How did you legally carry in California? Are you LEO? The last time I drove into California was when I was transferred to an Air Force Base there and we were stopped at the state line for a plant and who knows what inspection. I don't know what they do now. I had lived in Los Angeles in the 60's when going to college. My experience with law enforcement then was that they had their training given by The Gestapo.

I was a California resident most of my life, until I moved to Texas in 2006. I too have carried in a vehicle, AND out walking around too, and it is totally illegal either way, absent a carry permit. When I chose to break the law - eyes wide open - it was because I felt that I was going into a situation where I’d rather end up jailed by 12 than carried by 6 if something bad happened. If you carry in your vehicle there, and you do not have a CA issued permit, you ARE breaking the law.

Now, that said, I used to be friends with both a guy who was an LEO with the CA Justice Dept, in their equivalent of the federal DEA, and a guy who was a reserve officer with LAPD. I asked both of them, separately, what they would do if they pulled someone like me over, and found a pistol in the car. Both of them told me flat out that it would be no problem. Unless there was some other compelling reason, like if I was engaged in some kind of criminal activity (besides unlawful carry), that they would simply put the gun back where they found it, and let me go. Apparently, it isn’t that uncommon. The police - rightly or wrongly - often practice a little discernment when interacting with citizens......at least they do when you’re away from centers of silliness like the Bay Area for instance.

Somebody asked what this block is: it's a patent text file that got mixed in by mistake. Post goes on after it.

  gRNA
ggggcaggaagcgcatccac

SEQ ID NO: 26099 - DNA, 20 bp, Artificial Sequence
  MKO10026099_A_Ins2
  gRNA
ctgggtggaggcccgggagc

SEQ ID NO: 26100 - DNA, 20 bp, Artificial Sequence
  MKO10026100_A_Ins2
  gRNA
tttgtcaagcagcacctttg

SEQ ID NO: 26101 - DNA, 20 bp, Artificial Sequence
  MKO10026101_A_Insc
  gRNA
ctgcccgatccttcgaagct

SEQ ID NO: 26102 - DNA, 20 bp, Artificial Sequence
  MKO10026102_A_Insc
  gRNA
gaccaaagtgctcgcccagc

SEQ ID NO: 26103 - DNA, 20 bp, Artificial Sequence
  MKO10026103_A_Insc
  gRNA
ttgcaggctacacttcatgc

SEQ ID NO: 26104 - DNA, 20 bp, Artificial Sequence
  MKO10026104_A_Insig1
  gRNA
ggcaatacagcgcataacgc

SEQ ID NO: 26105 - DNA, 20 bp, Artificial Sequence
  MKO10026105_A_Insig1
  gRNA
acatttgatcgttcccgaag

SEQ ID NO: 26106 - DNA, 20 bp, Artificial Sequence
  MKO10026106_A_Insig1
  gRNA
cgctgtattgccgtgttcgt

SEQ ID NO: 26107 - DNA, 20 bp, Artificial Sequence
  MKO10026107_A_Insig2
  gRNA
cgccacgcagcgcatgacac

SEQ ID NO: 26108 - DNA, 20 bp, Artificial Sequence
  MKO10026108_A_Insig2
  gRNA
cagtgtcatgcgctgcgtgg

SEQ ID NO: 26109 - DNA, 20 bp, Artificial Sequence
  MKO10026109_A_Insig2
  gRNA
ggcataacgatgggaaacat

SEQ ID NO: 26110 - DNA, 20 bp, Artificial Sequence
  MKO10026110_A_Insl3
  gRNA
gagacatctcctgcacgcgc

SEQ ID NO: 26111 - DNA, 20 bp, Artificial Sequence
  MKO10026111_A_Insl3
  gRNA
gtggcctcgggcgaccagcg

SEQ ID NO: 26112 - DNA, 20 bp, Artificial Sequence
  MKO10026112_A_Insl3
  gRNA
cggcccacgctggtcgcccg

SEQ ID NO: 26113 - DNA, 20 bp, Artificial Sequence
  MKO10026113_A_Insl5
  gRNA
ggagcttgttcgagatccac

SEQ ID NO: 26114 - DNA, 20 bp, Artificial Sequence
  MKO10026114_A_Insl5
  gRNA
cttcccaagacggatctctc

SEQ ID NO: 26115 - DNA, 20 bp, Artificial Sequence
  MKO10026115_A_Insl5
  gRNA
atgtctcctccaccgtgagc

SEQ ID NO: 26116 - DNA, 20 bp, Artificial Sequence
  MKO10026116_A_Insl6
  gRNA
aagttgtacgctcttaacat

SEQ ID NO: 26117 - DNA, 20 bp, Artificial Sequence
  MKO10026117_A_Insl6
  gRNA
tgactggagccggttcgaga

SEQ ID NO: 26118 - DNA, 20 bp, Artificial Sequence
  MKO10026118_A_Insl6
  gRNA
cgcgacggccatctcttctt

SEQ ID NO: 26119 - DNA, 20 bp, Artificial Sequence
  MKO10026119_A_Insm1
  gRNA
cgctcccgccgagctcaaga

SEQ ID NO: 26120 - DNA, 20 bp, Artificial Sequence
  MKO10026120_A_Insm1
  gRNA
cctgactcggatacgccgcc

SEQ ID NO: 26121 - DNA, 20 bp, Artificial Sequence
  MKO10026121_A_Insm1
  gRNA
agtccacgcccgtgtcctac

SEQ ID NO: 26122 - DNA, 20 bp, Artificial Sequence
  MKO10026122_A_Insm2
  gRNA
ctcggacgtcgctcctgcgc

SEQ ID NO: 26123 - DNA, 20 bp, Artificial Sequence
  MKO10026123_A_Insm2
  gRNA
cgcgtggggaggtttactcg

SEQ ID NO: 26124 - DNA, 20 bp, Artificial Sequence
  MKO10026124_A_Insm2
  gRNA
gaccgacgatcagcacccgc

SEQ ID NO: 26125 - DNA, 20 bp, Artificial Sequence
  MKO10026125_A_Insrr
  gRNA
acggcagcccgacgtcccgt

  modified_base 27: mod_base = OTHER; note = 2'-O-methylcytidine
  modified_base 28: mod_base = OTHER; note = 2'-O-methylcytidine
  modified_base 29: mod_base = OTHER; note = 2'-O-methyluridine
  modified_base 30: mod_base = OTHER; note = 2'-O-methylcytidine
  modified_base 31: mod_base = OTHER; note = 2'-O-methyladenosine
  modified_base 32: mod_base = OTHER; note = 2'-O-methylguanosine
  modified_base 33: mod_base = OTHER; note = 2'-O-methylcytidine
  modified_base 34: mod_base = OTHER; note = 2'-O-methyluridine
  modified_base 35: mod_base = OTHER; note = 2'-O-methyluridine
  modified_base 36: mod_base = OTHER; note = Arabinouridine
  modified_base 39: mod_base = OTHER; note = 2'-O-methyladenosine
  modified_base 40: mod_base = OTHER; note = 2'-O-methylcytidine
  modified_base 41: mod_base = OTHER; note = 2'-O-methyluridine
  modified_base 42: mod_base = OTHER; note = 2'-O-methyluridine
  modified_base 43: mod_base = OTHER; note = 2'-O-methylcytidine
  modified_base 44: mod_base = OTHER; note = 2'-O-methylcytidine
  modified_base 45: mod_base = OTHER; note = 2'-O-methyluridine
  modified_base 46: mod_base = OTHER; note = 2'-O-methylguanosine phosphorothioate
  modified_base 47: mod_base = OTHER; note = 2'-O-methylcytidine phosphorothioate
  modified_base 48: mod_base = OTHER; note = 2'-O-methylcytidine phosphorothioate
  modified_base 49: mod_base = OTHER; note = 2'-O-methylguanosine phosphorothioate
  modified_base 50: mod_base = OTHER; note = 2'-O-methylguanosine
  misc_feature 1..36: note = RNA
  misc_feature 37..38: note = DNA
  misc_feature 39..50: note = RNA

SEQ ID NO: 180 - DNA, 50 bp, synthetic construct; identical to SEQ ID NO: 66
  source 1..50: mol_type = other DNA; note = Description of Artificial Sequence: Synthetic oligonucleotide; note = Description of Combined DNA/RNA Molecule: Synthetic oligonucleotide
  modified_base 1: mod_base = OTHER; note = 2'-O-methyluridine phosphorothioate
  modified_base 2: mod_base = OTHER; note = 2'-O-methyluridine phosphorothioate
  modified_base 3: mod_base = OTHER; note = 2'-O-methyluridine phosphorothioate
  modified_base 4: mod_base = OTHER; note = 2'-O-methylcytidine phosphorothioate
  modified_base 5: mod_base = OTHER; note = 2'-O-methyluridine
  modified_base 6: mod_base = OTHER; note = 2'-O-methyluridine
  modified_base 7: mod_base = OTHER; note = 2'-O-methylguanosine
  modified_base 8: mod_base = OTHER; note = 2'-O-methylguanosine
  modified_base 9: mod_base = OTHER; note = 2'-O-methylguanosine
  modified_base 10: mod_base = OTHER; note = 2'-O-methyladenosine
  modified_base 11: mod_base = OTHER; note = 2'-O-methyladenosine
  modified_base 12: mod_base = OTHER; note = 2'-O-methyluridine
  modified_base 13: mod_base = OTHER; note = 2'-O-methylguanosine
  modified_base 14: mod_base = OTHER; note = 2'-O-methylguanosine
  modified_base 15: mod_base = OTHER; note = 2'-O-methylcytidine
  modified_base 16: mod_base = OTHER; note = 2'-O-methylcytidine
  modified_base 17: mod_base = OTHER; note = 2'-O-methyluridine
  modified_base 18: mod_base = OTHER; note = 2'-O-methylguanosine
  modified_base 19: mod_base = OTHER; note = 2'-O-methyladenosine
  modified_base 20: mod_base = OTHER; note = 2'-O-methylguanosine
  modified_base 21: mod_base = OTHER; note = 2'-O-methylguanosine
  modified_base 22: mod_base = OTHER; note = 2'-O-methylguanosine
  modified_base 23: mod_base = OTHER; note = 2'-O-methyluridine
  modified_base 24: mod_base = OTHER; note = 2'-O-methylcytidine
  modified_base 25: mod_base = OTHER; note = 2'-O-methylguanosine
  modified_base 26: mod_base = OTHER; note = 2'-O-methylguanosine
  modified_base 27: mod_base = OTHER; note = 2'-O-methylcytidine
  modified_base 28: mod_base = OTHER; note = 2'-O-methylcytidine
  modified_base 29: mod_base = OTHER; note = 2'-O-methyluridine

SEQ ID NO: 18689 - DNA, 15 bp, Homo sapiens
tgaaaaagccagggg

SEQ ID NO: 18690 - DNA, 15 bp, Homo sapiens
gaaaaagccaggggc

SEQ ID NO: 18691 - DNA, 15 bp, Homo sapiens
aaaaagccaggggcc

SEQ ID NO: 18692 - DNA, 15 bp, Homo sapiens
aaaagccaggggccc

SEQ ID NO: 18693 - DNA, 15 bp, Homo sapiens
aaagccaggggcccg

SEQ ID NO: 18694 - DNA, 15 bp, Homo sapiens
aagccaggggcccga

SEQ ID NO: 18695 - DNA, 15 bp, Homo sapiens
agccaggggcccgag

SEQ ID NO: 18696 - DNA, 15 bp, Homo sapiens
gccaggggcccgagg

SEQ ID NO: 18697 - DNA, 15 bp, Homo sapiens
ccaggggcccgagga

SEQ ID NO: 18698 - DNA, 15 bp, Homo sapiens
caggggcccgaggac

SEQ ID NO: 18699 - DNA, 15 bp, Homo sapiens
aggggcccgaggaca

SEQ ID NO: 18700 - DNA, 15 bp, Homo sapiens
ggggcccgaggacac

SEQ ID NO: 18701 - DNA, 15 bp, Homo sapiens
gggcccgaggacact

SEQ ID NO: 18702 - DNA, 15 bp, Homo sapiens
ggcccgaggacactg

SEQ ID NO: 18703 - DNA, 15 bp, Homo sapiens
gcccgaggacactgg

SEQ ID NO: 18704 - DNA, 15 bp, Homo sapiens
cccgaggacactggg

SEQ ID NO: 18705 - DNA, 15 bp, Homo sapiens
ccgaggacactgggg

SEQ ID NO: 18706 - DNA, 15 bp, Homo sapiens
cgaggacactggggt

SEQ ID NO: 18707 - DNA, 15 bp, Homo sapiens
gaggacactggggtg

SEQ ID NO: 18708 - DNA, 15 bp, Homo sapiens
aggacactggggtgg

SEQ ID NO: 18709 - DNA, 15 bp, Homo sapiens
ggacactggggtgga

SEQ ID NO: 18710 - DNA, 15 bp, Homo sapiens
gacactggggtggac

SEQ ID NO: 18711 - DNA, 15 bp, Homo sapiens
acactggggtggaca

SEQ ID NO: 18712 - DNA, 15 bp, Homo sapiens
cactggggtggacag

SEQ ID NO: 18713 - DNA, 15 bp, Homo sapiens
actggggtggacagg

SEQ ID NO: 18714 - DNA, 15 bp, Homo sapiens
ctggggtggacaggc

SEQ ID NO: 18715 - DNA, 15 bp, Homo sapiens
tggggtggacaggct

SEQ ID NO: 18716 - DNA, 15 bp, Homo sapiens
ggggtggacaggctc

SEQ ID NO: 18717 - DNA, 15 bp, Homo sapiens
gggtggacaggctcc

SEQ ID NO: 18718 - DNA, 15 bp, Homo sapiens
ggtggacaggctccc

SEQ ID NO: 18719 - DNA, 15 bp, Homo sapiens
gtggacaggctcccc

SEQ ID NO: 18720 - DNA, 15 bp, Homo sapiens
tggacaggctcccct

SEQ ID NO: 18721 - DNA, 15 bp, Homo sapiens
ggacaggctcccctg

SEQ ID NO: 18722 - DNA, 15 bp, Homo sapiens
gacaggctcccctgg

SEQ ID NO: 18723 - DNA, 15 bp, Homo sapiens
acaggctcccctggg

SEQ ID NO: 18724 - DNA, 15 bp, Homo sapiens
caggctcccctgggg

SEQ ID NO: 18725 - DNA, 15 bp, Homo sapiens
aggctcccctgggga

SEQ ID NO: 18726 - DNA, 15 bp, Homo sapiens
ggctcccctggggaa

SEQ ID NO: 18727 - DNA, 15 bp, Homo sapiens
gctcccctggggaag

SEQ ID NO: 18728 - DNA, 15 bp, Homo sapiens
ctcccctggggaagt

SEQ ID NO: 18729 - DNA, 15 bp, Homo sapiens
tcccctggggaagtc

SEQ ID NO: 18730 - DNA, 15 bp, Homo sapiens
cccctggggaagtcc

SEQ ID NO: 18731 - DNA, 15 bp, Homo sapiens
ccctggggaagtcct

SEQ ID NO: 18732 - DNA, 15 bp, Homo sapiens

Back when I was working in our local ER in the early 1980s, I attended at least two parties thrown by members of the Pasadena PD whom I knew through my work, and I observed off-duty sworn officers smoking weed. I know it was weed, because they passed the joint to me before I took a toke and passed it back. They had some good s......uh.....stuff.